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News and Analysis 07 October

October 6, 2010 by  
Filed under Uncategorized


Mui Ne Beach: jump!

Image by felixtriller. via Flickr

Today is the day of events post Musharraf’s admission of Pakistan using terror as its stated policy

  • Reading Woodward in Karachi: Is this the nail in the coffin of the U.S.-Pakistan relationship? – Mosharraf Zaidi, Foreign Policy: “The things that have the most value for the Obama administration — using covert actions and drone strikes to take out known al Qaeda members — provoke the most disquiet in Pakistan. Pakistanis will not come away from reading Obama’s Wars with any confidence in the warm sincerity of Hillary Clinton‘s multiple visits to the country to build bridges and spur the U.S. public diplomacy machine. Instead, the suspicious instincts of Pakistanis will be vindicated. The irony could not be richer. No U.S. administration has ever invested so much effort and time in trying to understand and accommodate Pakistan’s complex realities into its own calculus. Woodward’s book confirms what this outpouring of U.S. interest and attention is all about: It is about fear.
  • Can Wen bridge the China-EU divideJonathan Holslag, CNN: “Haunted by a protectionist trade bill from the U.S. Congress and escalating tensions with Japan, Chinese Premier Wen Jiabao set course to Europe, eager to compensate for diplomatic wrangling on the Eastern front by making progress in the West. But there is not much reason for optimism. … The lack of progress in the EU-China relations shows once again how Beijing faces tough strategic dilemmas.
  • US apologizes as attacks in Pakistan continue (CNN) in a sign of possible movement, NATO’s International Security Assistance Force in Afghanistan said a joint assessment with Pakistan showed that NATO helicopter crews had shot at Pakistani border forces in the Sept. 30 strikes, thinking that they were responding to enemy fire. The statement was notable in that Gen. David H. Petraeus, the top commander, said, “We deeply regret this tragic loss of life and will continue to work with the Pakistan military and government to ensure this doesn’t happen again.”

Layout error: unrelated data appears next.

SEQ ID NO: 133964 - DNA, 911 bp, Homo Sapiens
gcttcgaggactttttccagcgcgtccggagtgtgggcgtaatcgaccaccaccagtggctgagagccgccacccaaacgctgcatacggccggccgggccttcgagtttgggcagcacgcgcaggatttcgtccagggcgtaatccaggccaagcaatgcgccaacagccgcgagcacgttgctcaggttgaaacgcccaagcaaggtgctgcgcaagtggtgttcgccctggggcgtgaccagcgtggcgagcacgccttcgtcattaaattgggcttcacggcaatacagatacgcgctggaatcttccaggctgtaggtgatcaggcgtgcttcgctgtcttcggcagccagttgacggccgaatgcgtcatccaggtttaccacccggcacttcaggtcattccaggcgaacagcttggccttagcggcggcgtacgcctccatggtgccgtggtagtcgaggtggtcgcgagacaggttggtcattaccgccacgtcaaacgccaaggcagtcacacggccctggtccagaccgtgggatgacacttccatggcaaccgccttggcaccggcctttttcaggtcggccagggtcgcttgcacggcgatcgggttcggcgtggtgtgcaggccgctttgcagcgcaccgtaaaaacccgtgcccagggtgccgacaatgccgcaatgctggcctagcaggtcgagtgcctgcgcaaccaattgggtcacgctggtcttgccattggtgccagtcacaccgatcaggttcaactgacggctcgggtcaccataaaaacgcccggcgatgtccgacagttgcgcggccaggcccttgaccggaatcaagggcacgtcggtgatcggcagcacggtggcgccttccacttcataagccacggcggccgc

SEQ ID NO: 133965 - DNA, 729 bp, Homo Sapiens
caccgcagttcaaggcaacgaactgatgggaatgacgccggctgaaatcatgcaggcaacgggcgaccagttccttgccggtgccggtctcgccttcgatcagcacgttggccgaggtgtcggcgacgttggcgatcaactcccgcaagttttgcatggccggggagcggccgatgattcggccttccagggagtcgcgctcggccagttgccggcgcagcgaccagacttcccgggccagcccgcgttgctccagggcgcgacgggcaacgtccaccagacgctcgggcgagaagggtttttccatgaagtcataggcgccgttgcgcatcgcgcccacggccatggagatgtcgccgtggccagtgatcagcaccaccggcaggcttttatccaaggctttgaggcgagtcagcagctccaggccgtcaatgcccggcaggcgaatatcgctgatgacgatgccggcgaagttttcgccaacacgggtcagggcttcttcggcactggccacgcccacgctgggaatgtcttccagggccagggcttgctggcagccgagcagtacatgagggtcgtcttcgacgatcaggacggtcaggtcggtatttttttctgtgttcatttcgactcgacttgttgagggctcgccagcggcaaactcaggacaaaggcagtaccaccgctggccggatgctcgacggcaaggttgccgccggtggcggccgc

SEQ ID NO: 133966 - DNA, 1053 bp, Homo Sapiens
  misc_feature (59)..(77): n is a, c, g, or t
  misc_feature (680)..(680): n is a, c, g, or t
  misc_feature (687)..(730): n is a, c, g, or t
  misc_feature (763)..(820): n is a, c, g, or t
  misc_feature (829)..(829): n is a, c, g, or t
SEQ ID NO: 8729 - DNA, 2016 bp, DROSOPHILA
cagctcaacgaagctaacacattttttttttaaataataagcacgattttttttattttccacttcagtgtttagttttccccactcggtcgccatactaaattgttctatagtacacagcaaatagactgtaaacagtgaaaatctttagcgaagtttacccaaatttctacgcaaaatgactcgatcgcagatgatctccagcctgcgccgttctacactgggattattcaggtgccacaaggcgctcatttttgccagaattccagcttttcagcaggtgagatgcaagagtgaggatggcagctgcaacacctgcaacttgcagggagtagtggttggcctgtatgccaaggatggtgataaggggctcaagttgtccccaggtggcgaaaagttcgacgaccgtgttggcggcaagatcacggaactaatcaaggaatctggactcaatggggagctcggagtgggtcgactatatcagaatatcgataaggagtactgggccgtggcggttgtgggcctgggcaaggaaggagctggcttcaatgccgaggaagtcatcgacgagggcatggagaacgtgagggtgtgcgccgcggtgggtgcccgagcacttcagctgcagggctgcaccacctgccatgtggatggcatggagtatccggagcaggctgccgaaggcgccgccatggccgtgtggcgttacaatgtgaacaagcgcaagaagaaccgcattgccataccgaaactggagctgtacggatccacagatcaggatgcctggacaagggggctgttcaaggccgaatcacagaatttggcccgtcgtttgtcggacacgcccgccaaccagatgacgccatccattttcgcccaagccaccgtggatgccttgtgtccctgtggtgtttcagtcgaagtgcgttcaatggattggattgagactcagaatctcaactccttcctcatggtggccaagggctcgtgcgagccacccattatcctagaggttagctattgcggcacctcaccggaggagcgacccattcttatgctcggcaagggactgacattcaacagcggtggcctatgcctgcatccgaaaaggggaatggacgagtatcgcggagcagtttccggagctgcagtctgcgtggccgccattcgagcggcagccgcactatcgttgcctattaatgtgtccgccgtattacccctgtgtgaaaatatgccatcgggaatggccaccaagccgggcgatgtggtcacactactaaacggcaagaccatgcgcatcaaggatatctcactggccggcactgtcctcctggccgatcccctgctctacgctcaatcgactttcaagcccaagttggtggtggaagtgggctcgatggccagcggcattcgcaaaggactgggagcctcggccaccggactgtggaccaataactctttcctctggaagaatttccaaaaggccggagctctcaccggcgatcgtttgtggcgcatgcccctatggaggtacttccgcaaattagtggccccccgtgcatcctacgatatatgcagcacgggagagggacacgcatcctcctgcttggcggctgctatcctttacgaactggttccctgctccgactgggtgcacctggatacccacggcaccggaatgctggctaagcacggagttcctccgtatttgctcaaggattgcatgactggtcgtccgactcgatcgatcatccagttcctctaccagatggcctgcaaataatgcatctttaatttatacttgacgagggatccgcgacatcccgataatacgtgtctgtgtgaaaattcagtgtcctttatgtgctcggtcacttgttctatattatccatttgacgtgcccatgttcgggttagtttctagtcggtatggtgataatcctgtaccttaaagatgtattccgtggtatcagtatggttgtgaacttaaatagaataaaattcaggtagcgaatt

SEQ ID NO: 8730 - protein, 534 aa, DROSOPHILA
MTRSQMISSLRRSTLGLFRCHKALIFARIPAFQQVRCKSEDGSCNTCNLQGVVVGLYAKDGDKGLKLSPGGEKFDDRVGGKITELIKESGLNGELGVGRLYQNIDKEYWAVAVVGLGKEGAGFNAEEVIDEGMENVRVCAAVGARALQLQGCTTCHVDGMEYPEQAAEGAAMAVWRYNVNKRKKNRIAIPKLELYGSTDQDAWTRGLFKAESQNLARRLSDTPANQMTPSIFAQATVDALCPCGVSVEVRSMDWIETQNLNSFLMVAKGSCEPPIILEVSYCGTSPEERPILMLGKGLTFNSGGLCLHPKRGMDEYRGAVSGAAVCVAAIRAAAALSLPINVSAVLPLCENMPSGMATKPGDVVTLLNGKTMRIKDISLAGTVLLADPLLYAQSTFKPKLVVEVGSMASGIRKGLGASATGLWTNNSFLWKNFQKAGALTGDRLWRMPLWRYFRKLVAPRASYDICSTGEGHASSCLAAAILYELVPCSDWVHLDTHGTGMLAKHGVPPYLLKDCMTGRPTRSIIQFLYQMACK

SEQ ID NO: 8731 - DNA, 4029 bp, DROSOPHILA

• White House report critical of Pakistan   CNN Despite repeated Obama administration claims in public that Pakistan is working hard to crack down on militants, a private White House review uses unusually tough language to suggest the ally is not doing nearly enough to confront the Taliban and al Qaeda, according to a copy of the report to Congress obtained by CNN. The report notes that from March to June, the Pakistani military “continued to avoid military engagements that would put it in direct conflict with Afghan Taliban or [al Qaeda] forces in North Waziristan. This is as much a political choice as it is a reflection of an under-resourced military prioritizing its targets.”
  • US pressing to open supply routes   CNN U.S. military operations in Afghanistan could continue to be fully supplied even if Pakistan refuses to open a major border post blocking hundreds of fuel tankers, the Pentagon said Tuesday. But the United States is hoping to resolve the matter and reopen the route soon. “We have been given indications that we are making progress on that front and hope to have the gate reopened as soon as possible,” said Pentagon spokesman Geoff Morrell.
  • Foreign Militants Dawn Perhaps unsurprisingly, the Pakistani state appears to have few ideas about how to tackle the menace of foreign militants. Enforcing a uniform, zero-tolerance policy towards foreign militants in Fata is difficult because local commanders and groups often make use of the services of foreigners and offer them protection in return.
  • We are not Puppets Omar (HT) After months of projecting the image of a politically correct ally, Jammu and Kashmir Chief Minister Omar Abdullah blasted the Centre on Wednesday for the way its bureaucrats functioned during the crisis in the Valley.
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